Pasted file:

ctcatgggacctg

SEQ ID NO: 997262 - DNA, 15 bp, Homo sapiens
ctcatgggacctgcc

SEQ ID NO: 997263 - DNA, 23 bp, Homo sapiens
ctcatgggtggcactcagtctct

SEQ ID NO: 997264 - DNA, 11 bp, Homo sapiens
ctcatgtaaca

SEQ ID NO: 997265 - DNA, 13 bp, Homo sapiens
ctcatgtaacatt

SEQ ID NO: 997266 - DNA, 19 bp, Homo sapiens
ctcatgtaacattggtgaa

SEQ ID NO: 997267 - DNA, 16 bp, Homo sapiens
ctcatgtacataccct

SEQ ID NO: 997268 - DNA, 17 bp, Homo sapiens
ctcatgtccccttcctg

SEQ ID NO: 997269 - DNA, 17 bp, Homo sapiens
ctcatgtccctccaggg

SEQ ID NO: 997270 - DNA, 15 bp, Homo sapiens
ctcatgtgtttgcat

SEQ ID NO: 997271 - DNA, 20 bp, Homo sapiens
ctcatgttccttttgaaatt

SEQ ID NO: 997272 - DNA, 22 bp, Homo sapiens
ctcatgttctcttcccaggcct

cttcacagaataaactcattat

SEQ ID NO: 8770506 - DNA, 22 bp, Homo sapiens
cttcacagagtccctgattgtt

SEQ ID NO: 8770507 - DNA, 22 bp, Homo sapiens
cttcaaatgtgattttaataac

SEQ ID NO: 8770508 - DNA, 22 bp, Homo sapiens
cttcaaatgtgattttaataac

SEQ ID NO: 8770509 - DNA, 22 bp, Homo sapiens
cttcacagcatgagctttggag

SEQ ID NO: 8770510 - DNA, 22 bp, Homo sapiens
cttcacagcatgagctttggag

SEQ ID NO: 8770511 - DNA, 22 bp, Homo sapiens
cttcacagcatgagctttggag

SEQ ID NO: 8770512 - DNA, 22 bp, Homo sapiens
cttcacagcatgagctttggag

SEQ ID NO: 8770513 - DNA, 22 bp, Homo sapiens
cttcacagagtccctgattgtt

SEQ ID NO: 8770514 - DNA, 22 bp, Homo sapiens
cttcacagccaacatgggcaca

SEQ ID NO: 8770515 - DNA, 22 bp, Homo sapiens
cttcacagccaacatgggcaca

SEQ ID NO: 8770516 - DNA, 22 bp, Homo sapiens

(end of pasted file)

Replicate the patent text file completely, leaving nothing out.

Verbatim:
ctcatgggacctg

SEQ ID NO: 997262 - DNA, 15 bp, Homo sapiens
ctcatgggacctgcc

SEQ ID NO: 997263 - DNA, 23 bp, Homo sapiens
ctcatgggtggcactcagtctct

SEQ ID NO: 997264 - DNA, 11 bp, Homo sapiens
ctcatgtaaca

SEQ ID NO: 997265 - DNA, 13 bp, Homo sapiens
ctcatgtaacatt

SEQ ID NO: 997266 - DNA, 19 bp, Homo sapiens
ctcatgtaacattggtgaa

SEQ ID NO: 997267 - DNA, 16 bp, Homo sapiens
ctcatgtacataccct

SEQ ID NO: 997268 - DNA, 17 bp, Homo sapiens
ctcatgtccccttcctg

SEQ ID NO: 997269 - DNA, 17 bp, Homo sapiens
ctcatgtccctccaggg

SEQ ID NO: 997270 - DNA, 15 bp, Homo sapiens
ctcatgtgtttgcat

SEQ ID NO: 997271 - DNA, 20 bp, Homo sapiens
ctcatgttccttttgaaatt

SEQ ID NO: 997272 - DNA, 22 bp, Homo sapiens
ctcatgttctcttcccaggcct

cttcacagaataaactcattat

SEQ ID NO: 8770506 - DNA, 22 bp, Homo sapiens
cttcacagagtccctgattgtt

SEQ ID NO: 8770507 - DNA, 22 bp, Homo sapiens
cttcaaatgtgattttaataac

SEQ ID NO: 8770508 - DNA, 22 bp, Homo sapiens
cttcaaatgtgattttaataac

SEQ ID NO: 8770509 - DNA, 22 bp, Homo sapiens
cttcacagcatgagctttggag

SEQ ID NO: 8770510 - DNA, 22 bp, Homo sapiens
cttcacagcatgagctttggag

SEQ ID NO: 8770511 - DNA, 22 bp, Homo sapiens
cttcacagcatgagctttggag

SEQ ID NO: 8770512 - DNA, 22 bp, Homo sapiens
cttcacagcatgagctttggag

SEQ ID NO: 8770513 - DNA, 22 bp, Homo sapiens
cttcacagagtccctgattgtt

SEQ ID NO: 8770514 - DNA, 22 bp, Homo sapiens
cttcacagccaacatgggcaca

SEQ ID NO: 8770515 - DNA, 22 bp, Homo sapiens
cttcacagccaacatgggcaca

SEQ ID NO: 8770516 - DNA, 22 bp, Homo sapiens